Foosballers | Chicago Reader

Foosballers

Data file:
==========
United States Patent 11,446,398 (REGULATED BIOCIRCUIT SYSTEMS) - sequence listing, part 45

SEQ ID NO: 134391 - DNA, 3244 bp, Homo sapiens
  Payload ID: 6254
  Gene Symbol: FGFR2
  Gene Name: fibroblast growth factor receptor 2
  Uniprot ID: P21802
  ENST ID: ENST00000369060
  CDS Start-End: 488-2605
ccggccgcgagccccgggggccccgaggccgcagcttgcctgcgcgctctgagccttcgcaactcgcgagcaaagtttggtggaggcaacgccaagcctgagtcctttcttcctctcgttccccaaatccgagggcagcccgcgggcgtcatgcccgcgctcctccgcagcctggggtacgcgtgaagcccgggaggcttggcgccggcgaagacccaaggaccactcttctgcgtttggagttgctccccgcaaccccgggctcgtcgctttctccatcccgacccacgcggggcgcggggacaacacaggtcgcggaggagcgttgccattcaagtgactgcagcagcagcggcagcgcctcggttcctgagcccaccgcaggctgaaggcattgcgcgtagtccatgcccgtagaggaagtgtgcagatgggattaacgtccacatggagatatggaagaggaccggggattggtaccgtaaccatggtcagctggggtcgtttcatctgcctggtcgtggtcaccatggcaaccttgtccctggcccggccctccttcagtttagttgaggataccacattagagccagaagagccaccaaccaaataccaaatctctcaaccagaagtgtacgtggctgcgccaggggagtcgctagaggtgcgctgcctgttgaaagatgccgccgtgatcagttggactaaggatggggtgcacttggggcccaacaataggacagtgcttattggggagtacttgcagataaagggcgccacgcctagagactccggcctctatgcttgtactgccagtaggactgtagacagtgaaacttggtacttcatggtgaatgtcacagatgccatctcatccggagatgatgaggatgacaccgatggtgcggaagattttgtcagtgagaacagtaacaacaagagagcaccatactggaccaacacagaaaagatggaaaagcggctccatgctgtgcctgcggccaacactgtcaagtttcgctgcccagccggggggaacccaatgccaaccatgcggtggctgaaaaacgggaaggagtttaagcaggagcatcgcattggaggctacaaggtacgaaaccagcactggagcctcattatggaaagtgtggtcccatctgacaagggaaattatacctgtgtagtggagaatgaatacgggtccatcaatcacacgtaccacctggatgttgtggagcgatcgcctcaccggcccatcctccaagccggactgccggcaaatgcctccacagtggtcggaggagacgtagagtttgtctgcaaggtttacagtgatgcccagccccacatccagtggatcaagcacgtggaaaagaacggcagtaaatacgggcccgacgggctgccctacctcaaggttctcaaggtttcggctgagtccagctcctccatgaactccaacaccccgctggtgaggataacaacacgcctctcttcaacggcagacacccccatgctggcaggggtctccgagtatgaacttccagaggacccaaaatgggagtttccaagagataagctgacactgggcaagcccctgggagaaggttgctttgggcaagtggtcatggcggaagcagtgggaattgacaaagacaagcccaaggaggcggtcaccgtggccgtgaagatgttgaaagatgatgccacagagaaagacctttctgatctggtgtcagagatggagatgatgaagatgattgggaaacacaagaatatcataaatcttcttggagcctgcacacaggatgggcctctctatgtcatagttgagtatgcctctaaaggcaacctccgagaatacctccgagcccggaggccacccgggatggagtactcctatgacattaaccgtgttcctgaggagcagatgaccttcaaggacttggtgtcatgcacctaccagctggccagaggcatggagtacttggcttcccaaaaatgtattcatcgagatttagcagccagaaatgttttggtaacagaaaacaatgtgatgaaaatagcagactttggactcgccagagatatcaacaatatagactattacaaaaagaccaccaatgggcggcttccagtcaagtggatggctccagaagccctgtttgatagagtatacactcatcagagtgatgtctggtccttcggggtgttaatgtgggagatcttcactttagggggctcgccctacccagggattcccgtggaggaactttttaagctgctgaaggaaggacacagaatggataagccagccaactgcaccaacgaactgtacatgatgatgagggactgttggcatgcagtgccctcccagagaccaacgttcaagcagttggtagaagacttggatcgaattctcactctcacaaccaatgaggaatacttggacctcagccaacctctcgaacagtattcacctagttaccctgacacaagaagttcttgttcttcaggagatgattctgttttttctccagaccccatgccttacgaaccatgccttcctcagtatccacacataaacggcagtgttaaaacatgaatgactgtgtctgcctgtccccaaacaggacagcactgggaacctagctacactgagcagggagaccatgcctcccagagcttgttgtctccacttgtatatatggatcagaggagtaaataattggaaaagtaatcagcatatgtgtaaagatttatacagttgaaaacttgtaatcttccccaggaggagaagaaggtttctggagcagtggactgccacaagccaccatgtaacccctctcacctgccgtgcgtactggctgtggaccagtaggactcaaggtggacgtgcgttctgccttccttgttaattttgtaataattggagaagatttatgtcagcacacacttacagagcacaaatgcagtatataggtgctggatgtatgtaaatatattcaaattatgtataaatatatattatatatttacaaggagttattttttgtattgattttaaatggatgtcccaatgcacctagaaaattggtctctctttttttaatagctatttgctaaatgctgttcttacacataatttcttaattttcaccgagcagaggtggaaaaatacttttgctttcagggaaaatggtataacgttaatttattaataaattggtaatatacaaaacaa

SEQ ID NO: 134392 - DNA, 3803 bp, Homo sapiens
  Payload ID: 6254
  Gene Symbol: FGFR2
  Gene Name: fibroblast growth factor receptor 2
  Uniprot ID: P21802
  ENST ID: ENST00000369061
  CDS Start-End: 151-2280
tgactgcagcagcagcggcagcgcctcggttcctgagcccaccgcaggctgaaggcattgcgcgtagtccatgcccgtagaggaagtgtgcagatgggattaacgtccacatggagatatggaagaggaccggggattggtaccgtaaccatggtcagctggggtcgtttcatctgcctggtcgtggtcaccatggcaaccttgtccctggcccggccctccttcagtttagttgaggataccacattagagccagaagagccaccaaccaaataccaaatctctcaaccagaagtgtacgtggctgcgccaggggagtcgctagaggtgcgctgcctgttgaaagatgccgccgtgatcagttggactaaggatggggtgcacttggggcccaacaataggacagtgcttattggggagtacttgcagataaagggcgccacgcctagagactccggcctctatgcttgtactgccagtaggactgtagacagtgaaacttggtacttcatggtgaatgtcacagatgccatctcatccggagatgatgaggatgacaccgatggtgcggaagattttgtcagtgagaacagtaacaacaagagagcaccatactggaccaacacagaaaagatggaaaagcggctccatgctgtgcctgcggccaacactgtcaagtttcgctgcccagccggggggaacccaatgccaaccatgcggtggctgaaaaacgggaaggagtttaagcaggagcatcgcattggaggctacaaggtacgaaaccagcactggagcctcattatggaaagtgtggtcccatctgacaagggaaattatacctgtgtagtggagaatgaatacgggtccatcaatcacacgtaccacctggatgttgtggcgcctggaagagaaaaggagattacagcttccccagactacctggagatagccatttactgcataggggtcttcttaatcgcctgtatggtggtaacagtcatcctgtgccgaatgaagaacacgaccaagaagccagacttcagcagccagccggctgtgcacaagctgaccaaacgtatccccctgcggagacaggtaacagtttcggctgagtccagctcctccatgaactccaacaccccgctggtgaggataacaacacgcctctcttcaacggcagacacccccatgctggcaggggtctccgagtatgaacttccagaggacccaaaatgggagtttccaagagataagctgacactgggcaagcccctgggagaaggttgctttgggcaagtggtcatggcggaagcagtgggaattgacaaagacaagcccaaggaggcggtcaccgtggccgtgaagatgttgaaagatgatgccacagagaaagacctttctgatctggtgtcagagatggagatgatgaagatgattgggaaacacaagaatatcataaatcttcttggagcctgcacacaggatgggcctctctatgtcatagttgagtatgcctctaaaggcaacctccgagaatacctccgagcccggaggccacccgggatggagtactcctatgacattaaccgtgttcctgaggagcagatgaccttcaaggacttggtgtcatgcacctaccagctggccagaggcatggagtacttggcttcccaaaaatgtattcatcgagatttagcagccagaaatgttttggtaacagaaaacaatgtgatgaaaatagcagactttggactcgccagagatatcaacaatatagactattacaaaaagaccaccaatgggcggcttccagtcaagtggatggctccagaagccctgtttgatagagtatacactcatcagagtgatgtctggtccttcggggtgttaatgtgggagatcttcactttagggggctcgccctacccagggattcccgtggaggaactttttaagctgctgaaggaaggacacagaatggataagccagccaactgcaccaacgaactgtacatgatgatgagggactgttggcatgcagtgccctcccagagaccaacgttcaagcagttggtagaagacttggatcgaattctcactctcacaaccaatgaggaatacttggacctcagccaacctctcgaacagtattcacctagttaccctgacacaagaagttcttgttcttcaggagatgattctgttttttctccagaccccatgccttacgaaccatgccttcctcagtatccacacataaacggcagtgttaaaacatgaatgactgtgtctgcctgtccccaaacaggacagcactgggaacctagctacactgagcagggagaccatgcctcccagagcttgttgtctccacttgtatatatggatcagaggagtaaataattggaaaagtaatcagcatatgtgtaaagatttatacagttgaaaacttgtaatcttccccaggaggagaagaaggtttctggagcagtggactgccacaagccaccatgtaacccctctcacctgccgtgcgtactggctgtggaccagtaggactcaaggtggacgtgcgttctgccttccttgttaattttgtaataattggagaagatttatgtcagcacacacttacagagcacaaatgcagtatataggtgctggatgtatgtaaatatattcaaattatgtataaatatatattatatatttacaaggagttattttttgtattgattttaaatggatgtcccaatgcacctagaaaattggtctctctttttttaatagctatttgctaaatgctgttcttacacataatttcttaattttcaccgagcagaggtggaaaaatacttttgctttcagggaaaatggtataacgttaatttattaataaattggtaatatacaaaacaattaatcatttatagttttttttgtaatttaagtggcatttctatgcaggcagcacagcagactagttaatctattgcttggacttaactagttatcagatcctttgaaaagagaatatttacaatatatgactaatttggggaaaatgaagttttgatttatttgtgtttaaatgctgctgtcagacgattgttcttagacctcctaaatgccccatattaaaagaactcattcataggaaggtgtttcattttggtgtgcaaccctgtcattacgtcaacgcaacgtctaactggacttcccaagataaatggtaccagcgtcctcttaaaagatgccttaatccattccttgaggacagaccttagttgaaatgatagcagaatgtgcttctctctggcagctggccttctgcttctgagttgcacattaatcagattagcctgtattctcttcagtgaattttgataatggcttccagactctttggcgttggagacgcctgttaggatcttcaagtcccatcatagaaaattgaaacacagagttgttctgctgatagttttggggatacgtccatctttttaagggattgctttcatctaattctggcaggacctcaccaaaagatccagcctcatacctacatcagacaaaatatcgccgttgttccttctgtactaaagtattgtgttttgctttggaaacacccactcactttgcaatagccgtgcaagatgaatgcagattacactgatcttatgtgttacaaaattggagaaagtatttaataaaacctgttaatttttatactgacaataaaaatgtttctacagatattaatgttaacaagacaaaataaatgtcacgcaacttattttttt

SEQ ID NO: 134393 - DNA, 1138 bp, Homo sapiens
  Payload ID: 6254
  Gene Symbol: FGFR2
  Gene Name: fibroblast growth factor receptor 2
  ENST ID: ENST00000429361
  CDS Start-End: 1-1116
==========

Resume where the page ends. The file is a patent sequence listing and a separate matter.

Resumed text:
Most people think of foosball as a game that’s played casually in someone’s basement or the occasional dive bar, but for some it's a way of life. Invented in Europe in the 1920s, foosball (or table soccer) was introduced to the U.S. in the 1950s, where it reached peak popularity in the 1970s before the rise of video games all but decimated the industry. Joseph Heslinga’s Foosballers explores that history and the fervent subculture that still surrounds the sport decades after mainstream culture deemed it obsolete, while spotlighting a handful of elite players as they train for an upcoming tournament. Like any great subculture documentary, Foosballers is at its best while opening a window into the passion, dedication, and personal stories of its subjects. And though the film begins to get weighed down in all its details and minutiae, the intensity heightens as the players convene at the Tornado World Championships to compete for prize money and the chance to rank among the best foosball players on Earth.

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